[INAUDIBLE]. They were available. And it might be you'll find them somewhere in the BLM records.

Interviewer:
Yeah. Yeah. That's what I was thinking. I was just trying to get an idea if these might exist somewhere around here. Countless materials are in the Alaska Resource Library over here in the new federal building. I don't think I can find it over there. This is really very useful to me when you refer to some of these old publications that I haven't heard referenced before. I think you're probably the only person who remembers those.

Martha:
Well, [INAUDIBLE] to mention that I was delving information from everybody. But it wasn't in the really highly specialized [INAUDIBLE].

Interviewer:
Yeah. Yeah. I had--

Martha:
Staff notes might contain references if you can find some of those.

Interviewer:
Now, when you say staff notes, I'm not sure what you're referring to.

Martha:
It was brought out in my time [INAUDIBLE].

Interviewer:
So it was just like a memo that was circulated among--

Martha:
[INAUDIBLE]

Interviewer:
Ah.

Martha:
Sorry, minutes of the staff meeting were circulated around.

Interviewer:
And when was that done?

Martha:
Well, now, after all, 14 years and five years is 19 years.

Interviewer:
Just a vague idea. That was done when you were--

Martha:
Many years.

Interviewer:
Was that a policy under Roscoe?

Martha:
[INAUDIBLE]. [INAUDIBLE] regulations. [INAUDIBLE] throughout the state. In this democratic way the division utilizes [INAUDIBLE] tailored for Alaska conditions. [INAUDIBLE] selection [INAUDIBLE] selections.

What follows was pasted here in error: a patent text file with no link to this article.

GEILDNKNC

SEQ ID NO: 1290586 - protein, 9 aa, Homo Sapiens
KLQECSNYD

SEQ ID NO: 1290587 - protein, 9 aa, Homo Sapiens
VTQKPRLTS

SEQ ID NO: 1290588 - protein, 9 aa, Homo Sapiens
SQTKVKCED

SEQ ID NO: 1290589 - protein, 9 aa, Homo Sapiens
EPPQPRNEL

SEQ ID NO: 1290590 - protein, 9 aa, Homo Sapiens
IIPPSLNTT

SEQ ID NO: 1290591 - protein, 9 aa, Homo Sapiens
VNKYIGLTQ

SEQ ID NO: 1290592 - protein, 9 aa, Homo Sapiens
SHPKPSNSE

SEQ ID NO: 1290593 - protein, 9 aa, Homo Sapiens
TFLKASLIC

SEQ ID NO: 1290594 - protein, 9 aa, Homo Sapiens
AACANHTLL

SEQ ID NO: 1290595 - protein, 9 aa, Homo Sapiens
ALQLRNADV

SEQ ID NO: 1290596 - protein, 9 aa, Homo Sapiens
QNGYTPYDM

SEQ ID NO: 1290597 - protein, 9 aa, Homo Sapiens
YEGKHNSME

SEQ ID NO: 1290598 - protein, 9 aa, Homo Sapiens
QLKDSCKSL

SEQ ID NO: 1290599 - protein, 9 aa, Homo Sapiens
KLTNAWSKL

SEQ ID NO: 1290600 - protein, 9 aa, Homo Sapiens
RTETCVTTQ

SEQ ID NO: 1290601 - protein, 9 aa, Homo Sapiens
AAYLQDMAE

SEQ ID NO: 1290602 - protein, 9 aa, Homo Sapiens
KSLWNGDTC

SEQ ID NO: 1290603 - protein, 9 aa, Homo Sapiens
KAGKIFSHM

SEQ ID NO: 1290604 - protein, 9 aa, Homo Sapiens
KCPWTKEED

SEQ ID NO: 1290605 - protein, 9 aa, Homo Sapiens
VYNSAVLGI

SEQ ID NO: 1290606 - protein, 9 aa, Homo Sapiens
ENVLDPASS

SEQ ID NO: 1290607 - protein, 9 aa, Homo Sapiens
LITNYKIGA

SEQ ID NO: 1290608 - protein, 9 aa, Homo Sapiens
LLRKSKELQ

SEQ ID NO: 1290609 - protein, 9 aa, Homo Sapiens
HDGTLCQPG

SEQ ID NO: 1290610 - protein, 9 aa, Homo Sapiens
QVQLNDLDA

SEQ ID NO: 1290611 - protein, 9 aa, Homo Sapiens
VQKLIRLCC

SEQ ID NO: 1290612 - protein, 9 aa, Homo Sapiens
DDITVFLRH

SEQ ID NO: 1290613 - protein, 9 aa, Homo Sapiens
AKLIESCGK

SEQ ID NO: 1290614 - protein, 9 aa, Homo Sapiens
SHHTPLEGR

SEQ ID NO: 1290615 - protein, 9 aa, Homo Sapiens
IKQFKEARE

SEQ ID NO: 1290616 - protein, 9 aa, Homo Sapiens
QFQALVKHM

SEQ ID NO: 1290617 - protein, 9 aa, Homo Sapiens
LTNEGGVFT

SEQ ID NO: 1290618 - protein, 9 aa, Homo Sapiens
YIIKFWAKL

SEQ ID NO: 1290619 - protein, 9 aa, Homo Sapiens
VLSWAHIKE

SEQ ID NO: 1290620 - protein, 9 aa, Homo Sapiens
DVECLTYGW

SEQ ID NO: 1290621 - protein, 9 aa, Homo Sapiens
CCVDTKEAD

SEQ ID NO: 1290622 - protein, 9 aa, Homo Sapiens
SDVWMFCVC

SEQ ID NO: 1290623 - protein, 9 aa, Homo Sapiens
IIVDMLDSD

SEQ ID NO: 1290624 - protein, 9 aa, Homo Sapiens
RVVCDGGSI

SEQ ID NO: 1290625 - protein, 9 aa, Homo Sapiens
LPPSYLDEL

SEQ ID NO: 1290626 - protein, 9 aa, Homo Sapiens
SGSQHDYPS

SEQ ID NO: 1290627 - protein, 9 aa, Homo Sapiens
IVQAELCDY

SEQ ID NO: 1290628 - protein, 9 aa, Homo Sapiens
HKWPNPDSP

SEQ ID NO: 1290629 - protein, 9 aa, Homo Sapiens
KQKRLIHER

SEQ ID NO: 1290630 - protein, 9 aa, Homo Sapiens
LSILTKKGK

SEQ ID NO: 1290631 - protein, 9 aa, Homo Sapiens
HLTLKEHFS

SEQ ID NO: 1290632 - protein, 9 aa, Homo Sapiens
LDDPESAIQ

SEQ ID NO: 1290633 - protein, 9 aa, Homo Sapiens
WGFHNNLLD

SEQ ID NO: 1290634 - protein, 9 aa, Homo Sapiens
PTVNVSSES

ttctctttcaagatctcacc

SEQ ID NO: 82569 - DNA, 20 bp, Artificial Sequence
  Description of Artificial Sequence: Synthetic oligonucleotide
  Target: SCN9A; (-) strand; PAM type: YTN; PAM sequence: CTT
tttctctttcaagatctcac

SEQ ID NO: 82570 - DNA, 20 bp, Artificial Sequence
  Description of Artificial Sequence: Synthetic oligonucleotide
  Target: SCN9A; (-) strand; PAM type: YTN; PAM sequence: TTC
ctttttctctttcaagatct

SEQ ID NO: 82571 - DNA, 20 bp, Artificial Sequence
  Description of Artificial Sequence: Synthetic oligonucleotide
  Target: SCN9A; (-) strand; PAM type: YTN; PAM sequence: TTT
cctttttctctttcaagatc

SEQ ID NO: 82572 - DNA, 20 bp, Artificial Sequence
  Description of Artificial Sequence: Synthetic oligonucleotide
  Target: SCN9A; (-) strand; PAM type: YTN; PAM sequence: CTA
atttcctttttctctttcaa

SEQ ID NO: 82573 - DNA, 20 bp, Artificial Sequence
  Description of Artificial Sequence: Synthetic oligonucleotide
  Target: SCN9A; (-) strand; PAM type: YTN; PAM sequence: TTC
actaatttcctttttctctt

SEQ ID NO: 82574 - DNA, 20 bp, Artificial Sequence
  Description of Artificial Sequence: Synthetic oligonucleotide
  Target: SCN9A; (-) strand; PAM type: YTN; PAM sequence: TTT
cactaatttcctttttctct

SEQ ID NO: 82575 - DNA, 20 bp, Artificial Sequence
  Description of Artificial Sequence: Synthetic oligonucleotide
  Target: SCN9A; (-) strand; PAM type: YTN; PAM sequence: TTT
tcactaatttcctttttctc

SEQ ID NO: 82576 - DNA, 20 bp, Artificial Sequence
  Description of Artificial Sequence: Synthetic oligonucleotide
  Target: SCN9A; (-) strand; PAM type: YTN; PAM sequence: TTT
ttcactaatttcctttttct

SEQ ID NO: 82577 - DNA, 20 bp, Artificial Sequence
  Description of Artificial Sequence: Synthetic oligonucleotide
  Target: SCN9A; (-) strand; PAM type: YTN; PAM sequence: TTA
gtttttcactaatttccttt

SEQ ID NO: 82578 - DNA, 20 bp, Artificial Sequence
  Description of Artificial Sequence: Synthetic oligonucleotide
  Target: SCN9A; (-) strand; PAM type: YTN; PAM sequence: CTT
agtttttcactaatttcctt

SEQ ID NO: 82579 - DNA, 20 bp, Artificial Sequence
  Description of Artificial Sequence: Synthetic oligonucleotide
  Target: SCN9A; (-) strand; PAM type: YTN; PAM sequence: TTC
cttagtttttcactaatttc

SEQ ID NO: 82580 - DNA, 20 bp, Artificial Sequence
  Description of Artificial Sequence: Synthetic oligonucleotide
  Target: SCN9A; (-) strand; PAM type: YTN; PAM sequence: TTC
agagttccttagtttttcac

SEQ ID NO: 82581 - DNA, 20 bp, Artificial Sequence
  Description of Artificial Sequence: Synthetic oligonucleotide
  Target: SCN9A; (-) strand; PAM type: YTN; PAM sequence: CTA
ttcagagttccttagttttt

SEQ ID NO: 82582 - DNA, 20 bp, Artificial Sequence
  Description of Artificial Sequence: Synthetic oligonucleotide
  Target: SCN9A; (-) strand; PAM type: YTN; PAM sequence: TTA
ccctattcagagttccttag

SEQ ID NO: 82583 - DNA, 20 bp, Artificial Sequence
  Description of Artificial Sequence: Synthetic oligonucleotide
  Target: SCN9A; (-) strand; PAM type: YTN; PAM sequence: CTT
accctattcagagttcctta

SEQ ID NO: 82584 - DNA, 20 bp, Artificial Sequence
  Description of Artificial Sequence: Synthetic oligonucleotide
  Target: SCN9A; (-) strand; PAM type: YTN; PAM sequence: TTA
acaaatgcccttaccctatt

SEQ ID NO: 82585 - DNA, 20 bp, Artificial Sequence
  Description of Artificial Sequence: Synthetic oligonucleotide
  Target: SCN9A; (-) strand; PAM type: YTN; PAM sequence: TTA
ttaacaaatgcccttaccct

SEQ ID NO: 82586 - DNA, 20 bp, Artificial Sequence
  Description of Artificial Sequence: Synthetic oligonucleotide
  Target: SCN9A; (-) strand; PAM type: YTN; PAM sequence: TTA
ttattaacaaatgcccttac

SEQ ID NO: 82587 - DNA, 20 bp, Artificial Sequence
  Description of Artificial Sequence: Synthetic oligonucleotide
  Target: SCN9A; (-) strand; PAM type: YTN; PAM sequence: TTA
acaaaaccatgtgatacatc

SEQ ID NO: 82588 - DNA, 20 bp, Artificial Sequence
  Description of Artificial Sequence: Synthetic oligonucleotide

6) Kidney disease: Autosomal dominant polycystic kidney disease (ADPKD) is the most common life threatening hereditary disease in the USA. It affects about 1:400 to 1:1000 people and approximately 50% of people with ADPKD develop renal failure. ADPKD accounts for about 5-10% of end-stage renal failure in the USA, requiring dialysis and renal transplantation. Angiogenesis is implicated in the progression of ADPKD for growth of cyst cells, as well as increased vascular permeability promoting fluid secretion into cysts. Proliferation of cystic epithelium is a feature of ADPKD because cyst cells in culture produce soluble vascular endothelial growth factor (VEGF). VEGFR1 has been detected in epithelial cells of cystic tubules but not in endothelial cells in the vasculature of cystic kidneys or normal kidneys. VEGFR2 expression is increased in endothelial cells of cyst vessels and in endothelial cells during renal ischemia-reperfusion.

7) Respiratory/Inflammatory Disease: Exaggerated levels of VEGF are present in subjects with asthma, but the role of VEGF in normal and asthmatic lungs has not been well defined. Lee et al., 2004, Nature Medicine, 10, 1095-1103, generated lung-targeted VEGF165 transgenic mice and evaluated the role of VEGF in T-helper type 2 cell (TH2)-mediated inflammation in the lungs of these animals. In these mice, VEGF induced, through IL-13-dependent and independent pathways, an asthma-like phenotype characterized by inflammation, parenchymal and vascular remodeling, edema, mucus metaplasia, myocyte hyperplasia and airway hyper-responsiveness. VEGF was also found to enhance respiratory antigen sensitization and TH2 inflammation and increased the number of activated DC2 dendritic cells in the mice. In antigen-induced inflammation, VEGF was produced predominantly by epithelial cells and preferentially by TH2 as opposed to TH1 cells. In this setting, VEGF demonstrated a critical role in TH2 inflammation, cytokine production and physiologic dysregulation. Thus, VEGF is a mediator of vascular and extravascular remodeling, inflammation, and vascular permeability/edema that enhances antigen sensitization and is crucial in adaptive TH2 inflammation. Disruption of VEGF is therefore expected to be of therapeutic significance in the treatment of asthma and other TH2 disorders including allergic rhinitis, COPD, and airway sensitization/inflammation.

And the realization that errors in judgement [INAUDIBLE] for years and years to come. [INAUDIBLE] selections must be [INAUDIBLE] for future [INAUDIBLE] in the state. There must be lands for parks and [INAUDIBLE], lands for homesteading, lands for commercial investors, lands for homes, lands for grazing, lands for private recreation, lands for commercial recreation, lands valuable for surface and subsurface resources, lands for continual revenue [INAUDIBLE] university for schools, [INAUDIBLE], lands for future development, and lands to grow on. Caution must be exercised to assure that no waste land is possible to be selected because the general grant selections must contain not less than 5,760 acres, or nine sections. So currently, [INAUDIBLE].

Now this is a-- I didn't realize what I was reading from. [INAUDIBLE]. April '63, [INAUDIBLE] conservation news. [INAUDIBLE] some problems. [INAUDIBLE] more field investigations to determine [INAUDIBLE] for selection [INAUDIBLE]. And then it goes on, land [INAUDIBLE].

Interviewer:
I will go back and reread that. Now, the earliest reference that I found in land lines to problems with land selections as far as protests as far as native groups was in January of '63 when the village of [INAUDIBLE], village council there came to the state land selections in that area. And I was wondering if you could remember any other early cases where there were objections.

Martha:
[INAUDIBLE]

Interviewer:
In July of 1963 it was the Caribou Creek Conference.

Martha:
Yes. Thanks to land lines, it [INAUDIBLE] because Bob was pulling his hair trying to find out something about the Caribou Creek.

Interviewer:
He started after that '64, something like that.

Martha:
And I dug it out.

Interviewer:
Do you remember anything about-- the Caribou Creek Conference was to resolve the conflicts over land selection policy and procedures between the BLM and the state. And I gathered that although there was a spirit of cooperation between BLM and Division of Lands, that I think unavoidably there were some conflicts with how the process was being carried out. Do you remember anything about that conflict, [INAUDIBLE] about that conflict, specific issues that were being--

Martha:
[INAUDIBLE] as some of the others. I remember-- and I think Roscoe had worked for many years for the BLM. I don't know [INAUDIBLE]. And [INAUDIBLE]. And our land records for [INAUDIBLE] meant much [INAUDIBLE] BLM [INAUDIBLE]. And I don't know. [INAUDIBLE]. But BLM is always has always been a little reluctant to turn loose of land.

Interviewer:
Yeah.

Martha: